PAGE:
Carrera 4 GTS 2dr All-wheel Drive Coupe
2019 Porsche 911

2019 911 Photos
 Editors' Pick
Autoblog Rating
9

The only naturally-aspirated 911 left might just be the best one. Interior is starting to feel dated, but you'll forget all about it once you get moving.

Industry
9
SARDINIA, Italy — As 21st-century Porsche 911s go, few hit peak analog quite so completely as the GT3 Touring. Free-breathing, naturally aspirated 4.0-liter flat-six? Check. Six-speed manual? Mandatory. In a world that's gone nearly completely paddle-shifted, turbocharged, and computerized, the wingless $146,350 coupe was a laser-focused answer to the nagging question enthusiasts couldn't stop asking. And on its heels, Porsche has — for the first time — dropped the top on a GT-based car: the 2019 911 Speedster. But rather than employing the familiar Cabriolet nomenclature, the boys from Zuffenhausen have classified the new ragtop as a Speedster a la previous versions like the 356 (1954), G-Series (1989), 964 (1992), and 997 (2010). This time around, only 1,948 will be made — a sliver of people by big-car-company standards, but a rather optimistic figure considering its breathtaking asking price of $275,750. There is, admittedly, a whole lot of goodness to the new Speedster's underpinnings. The 502-horsepower, 346-pound-feet powerplant paired with the lightweight, steel syncro-equipped six-speed is perhaps the last of its breed, as its naturally-aspirated flat-six with individual throttle bodies inherited from the 911 GT3 R race car. %Slideshow-1042492% The GT3 models' high-spec suspension and drivetrain bits are also here, though the damping rates are slightly more forgiving and ride height increases by 5 millimeters. The carbon ceramic stoppers also have slightly softer compounds for easier modulation — all of which can be attributed to the Speedster's status as more of a pleasure-focused road car than a truly all-out racetrack special. But don't let the milder-mannered bits fool you: Along Sardinia's winding country backroads, which are convincing impersonations of S-curves on technical race circuits, the Speedster feels like it's directly plugged into the driver's brain. The controls are relatively simple: a button-free steering wheel, a shortened shift lever, and a three-pedal setup that incorporates an auto-blip downshift option available through a button on the center console. Most spirited driving can be accomplished in the default mode, though pressing "ESC OFF" enables you to push the car harder through corners with more access to the power curve, with the stability control disabled for more slip-n-slide action while leaving traction control on. Keep your foot planted on the right pedal, and there's a deep well of acceleration to draw from, one that keeps delivering thanks to the peak power at 8,400 rpm and a redline that arrives at 9,000 rpm. You'll likely want to spend the bulk of your time between 6,000 rpm and 9,000 rpm, though it's not quite as noisy as you might expect. That's largely due to the addition of a gas particulate filter that's required by new European regulations and manages to stifle some of the sweet screams of the GT3 engine. The sonic sacrifices extend to U.S.-market cars too, apparently, because stateside exhaust systems will have elements in place of the particulate filter to create equivalent amounts of back pressure. And while the deliciously crescendoing engine draws less attention to itself because it doesn't scream like the …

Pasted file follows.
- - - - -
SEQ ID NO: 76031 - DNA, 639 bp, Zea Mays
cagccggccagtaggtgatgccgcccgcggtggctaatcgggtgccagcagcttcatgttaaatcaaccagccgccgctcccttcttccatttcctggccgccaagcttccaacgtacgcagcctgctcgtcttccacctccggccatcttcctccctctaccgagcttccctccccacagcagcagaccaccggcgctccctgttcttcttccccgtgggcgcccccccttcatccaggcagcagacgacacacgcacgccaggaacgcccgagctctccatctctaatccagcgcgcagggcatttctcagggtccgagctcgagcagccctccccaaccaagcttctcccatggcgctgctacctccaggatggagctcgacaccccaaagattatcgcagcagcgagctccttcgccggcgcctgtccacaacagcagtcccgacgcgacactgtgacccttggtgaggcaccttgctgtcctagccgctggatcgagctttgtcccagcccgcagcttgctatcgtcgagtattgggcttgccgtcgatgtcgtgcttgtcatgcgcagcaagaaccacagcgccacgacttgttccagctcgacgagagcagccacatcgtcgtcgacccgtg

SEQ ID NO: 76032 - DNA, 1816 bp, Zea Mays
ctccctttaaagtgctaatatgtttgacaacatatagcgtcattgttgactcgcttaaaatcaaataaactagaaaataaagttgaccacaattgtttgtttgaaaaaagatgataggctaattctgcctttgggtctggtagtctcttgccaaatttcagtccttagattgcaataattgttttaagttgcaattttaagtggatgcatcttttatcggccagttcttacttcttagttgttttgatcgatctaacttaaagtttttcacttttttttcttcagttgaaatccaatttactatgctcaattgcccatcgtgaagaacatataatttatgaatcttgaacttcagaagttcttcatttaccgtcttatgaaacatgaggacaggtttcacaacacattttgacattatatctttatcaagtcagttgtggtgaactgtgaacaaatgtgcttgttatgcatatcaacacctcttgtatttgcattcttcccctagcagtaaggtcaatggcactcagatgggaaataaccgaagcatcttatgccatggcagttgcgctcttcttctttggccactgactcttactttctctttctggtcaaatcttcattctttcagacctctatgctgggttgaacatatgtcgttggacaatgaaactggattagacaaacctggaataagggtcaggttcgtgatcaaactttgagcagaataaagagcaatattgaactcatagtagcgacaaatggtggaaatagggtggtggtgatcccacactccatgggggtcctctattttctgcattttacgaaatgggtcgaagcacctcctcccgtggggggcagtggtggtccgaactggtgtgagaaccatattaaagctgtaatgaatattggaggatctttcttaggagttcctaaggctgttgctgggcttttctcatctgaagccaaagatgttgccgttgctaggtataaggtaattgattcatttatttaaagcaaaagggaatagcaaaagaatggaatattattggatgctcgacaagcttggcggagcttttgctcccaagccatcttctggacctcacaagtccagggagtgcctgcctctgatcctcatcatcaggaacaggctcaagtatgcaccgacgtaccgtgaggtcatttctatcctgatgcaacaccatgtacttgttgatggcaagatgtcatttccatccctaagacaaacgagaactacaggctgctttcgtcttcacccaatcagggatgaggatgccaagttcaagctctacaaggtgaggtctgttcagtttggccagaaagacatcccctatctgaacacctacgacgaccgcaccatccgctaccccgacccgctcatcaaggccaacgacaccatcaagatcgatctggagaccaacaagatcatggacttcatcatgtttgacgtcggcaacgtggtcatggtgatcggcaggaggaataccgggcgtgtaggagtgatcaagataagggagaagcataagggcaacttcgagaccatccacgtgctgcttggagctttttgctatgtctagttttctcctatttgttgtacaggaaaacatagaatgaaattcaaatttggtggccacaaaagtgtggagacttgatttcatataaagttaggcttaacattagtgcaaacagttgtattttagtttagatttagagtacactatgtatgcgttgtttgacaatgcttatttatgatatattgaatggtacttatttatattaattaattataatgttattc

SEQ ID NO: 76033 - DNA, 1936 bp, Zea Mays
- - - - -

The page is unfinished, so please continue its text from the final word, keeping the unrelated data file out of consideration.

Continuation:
Full Review